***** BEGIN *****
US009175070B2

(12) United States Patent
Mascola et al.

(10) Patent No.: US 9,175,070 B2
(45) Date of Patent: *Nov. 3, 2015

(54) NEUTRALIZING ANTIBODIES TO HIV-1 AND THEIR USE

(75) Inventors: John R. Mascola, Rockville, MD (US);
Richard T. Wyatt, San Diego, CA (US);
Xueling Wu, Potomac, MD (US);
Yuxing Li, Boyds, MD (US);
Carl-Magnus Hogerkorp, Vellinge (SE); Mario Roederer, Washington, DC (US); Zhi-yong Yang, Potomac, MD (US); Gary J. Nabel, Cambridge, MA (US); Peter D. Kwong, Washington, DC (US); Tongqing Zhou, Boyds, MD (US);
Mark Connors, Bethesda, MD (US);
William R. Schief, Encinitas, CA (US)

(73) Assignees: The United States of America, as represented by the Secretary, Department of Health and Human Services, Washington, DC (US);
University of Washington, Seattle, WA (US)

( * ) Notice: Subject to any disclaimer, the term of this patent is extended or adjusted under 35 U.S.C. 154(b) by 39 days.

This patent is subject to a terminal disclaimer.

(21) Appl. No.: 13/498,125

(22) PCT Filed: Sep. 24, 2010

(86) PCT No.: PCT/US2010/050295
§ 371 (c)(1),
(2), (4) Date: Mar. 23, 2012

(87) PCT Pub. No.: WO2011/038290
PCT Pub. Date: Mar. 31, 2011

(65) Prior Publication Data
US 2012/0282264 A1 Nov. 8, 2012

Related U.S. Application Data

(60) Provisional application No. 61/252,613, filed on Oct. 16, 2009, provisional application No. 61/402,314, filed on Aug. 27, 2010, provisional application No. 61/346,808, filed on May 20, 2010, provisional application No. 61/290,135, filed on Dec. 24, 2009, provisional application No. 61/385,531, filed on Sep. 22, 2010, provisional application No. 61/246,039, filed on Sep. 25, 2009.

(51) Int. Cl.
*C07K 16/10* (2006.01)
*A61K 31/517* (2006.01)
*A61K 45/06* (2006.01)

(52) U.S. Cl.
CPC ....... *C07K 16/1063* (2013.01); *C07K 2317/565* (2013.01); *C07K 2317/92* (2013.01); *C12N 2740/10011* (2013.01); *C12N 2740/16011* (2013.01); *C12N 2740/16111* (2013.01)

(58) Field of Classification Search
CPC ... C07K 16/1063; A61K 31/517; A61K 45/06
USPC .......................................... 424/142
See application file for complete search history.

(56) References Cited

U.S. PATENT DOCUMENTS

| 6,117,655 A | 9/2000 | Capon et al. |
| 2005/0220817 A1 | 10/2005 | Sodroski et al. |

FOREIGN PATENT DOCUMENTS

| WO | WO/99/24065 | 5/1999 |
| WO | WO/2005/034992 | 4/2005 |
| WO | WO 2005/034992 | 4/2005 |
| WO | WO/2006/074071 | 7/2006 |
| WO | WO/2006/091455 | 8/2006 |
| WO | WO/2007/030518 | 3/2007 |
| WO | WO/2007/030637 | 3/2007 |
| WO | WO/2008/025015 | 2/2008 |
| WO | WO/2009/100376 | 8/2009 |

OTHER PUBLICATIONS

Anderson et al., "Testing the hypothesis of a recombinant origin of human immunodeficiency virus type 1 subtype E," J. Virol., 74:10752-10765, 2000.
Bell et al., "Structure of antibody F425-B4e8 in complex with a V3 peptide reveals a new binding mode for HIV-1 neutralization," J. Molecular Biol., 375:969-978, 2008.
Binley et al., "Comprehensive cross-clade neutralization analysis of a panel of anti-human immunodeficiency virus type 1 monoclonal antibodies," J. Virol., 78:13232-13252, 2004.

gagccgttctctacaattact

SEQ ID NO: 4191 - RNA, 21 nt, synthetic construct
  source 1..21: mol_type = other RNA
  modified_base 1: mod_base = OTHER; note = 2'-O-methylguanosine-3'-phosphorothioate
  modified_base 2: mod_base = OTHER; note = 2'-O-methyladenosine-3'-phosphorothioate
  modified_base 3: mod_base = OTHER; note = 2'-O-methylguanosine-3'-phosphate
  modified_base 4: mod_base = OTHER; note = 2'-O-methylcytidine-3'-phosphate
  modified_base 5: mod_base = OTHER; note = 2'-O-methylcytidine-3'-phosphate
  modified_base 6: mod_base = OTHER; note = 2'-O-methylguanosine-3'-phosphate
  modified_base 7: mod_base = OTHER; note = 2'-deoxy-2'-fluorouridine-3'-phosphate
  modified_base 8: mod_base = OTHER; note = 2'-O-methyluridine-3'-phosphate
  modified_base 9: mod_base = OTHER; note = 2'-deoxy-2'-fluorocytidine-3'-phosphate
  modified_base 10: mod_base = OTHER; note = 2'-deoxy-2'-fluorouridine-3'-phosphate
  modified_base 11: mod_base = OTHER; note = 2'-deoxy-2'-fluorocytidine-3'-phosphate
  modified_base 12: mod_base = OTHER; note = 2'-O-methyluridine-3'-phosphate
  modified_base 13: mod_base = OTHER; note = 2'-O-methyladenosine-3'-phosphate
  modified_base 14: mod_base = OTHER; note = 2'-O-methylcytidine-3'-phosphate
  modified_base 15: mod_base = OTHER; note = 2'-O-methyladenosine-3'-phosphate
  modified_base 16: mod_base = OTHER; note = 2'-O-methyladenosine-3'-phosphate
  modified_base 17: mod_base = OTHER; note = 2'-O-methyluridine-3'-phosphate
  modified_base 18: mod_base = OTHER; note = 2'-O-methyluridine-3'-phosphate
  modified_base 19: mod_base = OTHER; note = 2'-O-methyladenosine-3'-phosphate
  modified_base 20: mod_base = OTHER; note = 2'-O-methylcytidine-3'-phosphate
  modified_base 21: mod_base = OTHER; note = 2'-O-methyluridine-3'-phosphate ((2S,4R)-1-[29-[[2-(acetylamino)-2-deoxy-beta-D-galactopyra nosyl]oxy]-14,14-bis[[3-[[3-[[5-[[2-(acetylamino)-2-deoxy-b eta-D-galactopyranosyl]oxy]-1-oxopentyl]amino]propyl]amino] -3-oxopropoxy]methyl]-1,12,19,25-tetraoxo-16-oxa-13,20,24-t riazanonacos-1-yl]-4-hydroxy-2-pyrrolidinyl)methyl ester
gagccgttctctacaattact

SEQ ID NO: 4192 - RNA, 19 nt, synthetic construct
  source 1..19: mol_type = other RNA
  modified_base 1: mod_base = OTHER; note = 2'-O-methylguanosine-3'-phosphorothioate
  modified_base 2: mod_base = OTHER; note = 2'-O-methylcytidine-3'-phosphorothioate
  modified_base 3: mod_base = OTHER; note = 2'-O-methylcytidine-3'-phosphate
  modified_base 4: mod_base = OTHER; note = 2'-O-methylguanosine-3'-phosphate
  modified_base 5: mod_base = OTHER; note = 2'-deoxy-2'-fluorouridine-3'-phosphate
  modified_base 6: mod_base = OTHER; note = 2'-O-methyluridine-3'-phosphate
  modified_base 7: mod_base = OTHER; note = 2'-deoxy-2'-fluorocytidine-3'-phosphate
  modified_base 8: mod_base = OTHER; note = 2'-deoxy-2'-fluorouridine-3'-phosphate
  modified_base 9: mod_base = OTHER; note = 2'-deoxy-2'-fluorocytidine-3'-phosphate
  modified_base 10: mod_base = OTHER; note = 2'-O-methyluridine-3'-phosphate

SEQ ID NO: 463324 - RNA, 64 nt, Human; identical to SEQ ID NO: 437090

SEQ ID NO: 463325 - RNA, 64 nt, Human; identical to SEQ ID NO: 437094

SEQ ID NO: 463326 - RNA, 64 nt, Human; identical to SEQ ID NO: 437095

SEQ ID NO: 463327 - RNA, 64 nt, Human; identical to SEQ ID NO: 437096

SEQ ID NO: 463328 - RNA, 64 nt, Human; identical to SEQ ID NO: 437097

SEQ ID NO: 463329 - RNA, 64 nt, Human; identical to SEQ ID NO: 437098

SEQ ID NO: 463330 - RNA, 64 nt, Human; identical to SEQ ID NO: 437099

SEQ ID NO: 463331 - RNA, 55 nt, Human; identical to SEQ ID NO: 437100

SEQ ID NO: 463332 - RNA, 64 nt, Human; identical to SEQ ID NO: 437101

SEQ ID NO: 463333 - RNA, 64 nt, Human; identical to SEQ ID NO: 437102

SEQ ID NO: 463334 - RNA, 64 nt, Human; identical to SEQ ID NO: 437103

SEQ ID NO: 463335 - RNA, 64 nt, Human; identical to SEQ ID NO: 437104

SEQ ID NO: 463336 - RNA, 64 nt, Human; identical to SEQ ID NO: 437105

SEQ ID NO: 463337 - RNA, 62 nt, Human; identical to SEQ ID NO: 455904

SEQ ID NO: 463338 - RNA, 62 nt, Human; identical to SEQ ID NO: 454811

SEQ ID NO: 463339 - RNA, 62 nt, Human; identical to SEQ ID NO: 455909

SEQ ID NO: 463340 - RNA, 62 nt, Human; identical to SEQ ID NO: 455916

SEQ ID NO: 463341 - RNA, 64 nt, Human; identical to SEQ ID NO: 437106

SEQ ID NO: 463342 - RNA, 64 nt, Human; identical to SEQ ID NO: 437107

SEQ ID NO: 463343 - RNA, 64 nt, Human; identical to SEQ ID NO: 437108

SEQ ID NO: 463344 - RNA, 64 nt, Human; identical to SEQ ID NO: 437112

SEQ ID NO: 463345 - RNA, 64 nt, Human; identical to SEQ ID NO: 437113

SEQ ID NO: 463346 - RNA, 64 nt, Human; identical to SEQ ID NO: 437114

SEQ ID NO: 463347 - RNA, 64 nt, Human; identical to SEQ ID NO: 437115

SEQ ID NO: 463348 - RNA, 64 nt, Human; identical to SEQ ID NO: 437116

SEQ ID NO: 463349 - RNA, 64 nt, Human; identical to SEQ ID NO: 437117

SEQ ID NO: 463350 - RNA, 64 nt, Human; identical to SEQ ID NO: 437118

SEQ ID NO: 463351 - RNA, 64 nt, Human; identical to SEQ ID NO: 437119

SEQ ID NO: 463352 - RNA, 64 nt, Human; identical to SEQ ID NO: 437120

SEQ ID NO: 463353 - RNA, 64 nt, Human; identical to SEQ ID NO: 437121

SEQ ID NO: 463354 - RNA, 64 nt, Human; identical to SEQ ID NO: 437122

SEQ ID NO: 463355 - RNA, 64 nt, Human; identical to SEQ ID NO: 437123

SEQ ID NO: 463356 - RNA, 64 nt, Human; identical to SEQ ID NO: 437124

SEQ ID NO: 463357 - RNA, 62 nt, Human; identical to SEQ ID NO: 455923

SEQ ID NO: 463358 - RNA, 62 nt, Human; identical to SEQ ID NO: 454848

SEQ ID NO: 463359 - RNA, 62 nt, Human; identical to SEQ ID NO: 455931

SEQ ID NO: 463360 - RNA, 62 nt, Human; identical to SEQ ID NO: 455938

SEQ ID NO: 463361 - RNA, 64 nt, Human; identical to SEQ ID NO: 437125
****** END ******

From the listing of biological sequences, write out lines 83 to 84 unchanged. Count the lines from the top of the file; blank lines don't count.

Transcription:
  source 1..19: mol_type = other RNA
  modified_base 1: mod_base = OTHER; note = 2'-O-methylguanosine-3'-phosphorothioate